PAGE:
Breast cancer is the most common cancer in pregnant and postpartum women, occurring in about 1 in 3,000 pregnant women. The average patient is between 32 to 38 years of age and, with many women choosing to delay childbearing, it is likely that the incidence of breast cancer during pregnancy will increase.
Breast cancer pathology is similar in age-matched pregnant and nonpregnant women. Hormone receptor assays are usually negative in pregnant breast cancer patients, but this may be the result...
In some cases, your doctor may be able to change your prescriptions or adjust the dose. For example, with chemotherapy, "we try to get a dose that works against the tumor but that the patient can still tolerate," says Julie Gralow, MD, of the Seattle Cancer Care Alliance.
These seven issues are particularly common -- and many of them can be eased, if not eliminated.
Chemotherapy is known for causing waves of nausea and vomiting.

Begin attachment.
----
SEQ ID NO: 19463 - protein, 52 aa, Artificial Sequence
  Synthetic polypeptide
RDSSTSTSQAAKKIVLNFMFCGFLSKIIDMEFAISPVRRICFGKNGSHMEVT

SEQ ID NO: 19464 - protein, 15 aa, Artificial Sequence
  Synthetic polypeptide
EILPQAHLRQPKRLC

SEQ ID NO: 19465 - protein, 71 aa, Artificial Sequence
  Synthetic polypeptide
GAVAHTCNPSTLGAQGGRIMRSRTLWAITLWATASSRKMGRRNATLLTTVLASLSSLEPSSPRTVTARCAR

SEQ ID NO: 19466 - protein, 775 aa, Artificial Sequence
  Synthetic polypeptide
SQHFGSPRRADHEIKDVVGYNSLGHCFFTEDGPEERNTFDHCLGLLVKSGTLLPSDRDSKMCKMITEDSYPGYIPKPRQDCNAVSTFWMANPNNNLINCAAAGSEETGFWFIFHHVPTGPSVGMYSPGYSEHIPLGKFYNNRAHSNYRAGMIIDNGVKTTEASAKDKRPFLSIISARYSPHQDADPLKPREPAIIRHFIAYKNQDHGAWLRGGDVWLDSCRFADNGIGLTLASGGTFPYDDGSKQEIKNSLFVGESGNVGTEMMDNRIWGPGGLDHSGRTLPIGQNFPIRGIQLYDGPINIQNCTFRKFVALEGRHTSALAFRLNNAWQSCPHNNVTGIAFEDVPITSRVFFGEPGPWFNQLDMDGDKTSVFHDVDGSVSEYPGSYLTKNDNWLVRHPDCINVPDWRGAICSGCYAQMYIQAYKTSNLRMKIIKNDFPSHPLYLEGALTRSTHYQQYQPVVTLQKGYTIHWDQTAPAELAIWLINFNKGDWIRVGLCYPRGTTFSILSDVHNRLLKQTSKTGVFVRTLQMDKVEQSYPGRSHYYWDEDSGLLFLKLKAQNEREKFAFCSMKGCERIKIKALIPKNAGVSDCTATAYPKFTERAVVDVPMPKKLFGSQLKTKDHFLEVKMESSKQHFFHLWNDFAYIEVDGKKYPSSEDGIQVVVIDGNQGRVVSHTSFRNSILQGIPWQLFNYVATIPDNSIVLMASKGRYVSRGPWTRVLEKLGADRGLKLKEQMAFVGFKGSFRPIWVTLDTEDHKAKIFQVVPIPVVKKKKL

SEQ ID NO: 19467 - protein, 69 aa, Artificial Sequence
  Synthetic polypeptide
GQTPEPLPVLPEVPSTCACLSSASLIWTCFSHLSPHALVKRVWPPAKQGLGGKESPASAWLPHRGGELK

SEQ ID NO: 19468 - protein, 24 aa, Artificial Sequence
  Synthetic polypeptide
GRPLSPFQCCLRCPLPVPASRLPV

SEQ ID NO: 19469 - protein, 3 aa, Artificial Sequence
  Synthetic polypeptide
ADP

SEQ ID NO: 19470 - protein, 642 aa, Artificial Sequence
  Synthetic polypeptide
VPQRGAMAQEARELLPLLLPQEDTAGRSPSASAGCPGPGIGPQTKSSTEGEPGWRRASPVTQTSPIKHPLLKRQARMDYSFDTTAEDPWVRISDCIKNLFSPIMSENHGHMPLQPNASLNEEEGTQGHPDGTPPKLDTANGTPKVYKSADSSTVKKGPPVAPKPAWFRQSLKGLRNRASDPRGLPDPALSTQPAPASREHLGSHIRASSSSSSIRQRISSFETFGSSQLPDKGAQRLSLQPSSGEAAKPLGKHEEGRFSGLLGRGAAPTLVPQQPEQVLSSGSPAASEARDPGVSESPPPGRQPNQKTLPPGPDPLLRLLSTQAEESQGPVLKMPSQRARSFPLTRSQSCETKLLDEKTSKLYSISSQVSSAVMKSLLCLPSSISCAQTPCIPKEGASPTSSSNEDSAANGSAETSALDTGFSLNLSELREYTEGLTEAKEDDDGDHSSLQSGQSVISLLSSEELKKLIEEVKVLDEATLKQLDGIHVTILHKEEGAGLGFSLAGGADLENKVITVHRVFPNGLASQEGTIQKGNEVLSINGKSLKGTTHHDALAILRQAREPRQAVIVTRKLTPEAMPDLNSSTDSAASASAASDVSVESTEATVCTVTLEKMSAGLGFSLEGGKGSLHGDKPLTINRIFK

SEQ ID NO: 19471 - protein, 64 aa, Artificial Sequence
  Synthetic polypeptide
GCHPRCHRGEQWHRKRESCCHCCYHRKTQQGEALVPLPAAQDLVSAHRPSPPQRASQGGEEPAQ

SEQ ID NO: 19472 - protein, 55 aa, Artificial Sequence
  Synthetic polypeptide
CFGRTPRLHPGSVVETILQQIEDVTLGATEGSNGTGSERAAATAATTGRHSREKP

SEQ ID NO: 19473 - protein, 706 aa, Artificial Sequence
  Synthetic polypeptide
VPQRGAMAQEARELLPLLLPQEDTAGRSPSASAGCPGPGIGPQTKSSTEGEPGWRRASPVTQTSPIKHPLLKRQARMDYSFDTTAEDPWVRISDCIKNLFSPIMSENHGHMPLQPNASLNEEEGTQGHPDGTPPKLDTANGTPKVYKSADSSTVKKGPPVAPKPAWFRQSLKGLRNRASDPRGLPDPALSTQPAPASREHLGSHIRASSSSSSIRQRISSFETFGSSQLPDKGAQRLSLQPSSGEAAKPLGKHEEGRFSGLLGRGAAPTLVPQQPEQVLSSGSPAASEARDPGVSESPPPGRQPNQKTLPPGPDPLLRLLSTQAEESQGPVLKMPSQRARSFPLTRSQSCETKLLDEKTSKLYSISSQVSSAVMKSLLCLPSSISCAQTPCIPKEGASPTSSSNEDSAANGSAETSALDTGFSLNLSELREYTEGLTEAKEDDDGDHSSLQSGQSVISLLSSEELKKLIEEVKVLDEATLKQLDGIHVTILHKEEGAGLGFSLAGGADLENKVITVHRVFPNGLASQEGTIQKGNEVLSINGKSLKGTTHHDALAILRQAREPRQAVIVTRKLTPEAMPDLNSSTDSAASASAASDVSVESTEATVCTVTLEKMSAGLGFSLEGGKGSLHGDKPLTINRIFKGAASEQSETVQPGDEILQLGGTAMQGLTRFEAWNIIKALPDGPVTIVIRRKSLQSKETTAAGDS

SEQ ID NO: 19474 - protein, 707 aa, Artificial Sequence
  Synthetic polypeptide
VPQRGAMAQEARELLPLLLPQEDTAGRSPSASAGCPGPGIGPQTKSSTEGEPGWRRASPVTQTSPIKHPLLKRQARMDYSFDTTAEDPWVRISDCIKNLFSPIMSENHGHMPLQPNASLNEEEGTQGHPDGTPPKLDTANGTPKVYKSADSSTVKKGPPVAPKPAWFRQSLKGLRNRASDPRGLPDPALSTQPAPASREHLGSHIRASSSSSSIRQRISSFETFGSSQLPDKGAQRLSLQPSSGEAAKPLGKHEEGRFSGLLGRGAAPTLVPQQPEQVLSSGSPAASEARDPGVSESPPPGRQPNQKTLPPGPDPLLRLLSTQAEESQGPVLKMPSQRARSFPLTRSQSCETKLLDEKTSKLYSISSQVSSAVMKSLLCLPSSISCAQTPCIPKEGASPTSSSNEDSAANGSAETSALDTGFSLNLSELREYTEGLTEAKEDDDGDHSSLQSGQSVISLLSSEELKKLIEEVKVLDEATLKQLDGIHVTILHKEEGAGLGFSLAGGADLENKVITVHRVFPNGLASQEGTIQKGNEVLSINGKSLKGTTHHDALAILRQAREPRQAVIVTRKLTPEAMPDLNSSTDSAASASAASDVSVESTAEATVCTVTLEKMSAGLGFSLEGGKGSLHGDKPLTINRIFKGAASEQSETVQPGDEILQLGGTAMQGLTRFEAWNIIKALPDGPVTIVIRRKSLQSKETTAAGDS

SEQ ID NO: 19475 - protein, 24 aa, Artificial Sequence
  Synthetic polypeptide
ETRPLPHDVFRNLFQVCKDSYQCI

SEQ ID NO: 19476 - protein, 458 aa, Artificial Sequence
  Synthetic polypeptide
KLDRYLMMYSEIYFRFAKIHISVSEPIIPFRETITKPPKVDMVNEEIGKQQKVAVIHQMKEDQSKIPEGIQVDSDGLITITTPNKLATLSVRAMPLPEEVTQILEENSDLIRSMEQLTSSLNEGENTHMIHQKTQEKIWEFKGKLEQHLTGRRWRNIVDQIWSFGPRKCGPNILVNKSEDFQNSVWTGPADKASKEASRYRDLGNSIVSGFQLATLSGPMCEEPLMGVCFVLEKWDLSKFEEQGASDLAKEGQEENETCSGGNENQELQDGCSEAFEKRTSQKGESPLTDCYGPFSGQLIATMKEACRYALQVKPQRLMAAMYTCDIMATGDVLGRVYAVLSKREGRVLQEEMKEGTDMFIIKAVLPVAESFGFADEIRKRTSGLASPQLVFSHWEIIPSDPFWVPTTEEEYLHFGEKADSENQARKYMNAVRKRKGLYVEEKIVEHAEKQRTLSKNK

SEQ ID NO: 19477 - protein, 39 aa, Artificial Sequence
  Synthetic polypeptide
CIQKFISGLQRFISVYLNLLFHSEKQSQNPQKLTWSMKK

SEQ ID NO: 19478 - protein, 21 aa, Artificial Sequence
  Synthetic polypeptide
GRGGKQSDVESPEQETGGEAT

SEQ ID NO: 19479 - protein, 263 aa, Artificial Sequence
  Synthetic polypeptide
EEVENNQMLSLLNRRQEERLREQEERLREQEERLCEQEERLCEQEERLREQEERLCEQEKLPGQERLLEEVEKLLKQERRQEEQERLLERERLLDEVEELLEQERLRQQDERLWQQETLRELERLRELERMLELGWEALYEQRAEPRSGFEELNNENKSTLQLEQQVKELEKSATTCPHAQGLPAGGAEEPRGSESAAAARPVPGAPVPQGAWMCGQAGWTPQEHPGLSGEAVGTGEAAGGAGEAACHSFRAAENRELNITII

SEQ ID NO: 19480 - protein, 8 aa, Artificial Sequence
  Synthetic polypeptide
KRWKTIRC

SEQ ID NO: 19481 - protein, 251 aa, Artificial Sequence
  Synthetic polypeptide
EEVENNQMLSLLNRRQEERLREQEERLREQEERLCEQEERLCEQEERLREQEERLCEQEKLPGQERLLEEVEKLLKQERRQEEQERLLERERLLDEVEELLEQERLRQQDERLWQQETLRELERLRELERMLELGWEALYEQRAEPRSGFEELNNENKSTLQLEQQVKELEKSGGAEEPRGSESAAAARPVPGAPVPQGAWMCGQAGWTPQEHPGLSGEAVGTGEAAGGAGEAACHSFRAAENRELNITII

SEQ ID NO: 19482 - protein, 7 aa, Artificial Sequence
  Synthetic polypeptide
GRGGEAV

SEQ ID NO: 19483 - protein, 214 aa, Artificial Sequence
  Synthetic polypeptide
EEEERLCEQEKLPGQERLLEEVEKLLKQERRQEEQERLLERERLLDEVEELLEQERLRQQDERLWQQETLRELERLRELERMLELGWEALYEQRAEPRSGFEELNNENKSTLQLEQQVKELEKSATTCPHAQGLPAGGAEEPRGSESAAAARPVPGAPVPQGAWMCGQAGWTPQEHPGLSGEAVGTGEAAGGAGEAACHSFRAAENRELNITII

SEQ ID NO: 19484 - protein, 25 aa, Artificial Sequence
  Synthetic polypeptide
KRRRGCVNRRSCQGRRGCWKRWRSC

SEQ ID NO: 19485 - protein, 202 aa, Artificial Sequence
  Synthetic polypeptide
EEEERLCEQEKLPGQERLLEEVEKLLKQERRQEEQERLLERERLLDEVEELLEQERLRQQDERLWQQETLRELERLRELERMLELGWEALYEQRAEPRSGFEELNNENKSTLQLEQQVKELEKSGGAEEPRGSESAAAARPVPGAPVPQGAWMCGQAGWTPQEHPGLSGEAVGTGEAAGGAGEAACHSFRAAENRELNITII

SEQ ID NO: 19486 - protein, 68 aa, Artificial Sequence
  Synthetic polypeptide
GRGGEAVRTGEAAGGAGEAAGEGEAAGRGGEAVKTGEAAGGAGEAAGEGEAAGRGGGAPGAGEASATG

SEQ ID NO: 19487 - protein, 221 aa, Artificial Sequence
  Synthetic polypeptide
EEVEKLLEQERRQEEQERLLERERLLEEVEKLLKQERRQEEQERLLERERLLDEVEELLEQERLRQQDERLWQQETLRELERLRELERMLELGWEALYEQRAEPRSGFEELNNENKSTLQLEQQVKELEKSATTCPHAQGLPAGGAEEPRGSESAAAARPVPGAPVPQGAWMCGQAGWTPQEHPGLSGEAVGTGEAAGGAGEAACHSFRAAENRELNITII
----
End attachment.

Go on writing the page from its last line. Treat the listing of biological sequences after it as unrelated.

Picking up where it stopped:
Tips: For relief, your doctor may prescribe an anti-nausea drug or even recommend acupuncture. Research shows that this ancient Chinese practice of sticking needles in your skin at specific points may relieve nausea and vomiting.
You can also make some changes in your diet to soothe your stomach, including the following:
Eat several small meals a day instead of three large ones.
Ease nausea with natural ginger found in sodas, teas, and candies.
Be bland. Stay away from greasy, fried, salty, sweet, or spicy foods.
Avoid food with strong smells. And stay out of the kitchen while others are cooking.
Stay hydrated by sipping clear liquids like broth, juice, and sport drinks throughout the day.
Wait at least one hour after treatment to eat and drink.
Many people feel very tired during cancer treatment, even after sleep. Your treatments go on for a long time without a break, and a deep fatigue can build up.
Tip: One of the best things you can do is to get moving.
"Research shows that women who get regular exercise during cancer treatment feel better and have more energy," says Virginia Borges, MD, of the University of Colorado-Denver School of Medicine.
It's understandable if you don't feel like it. You don’t have to push hard or go far. Do what you can. Try gentle forms of yoga, brisk walks, or other moderate exercise.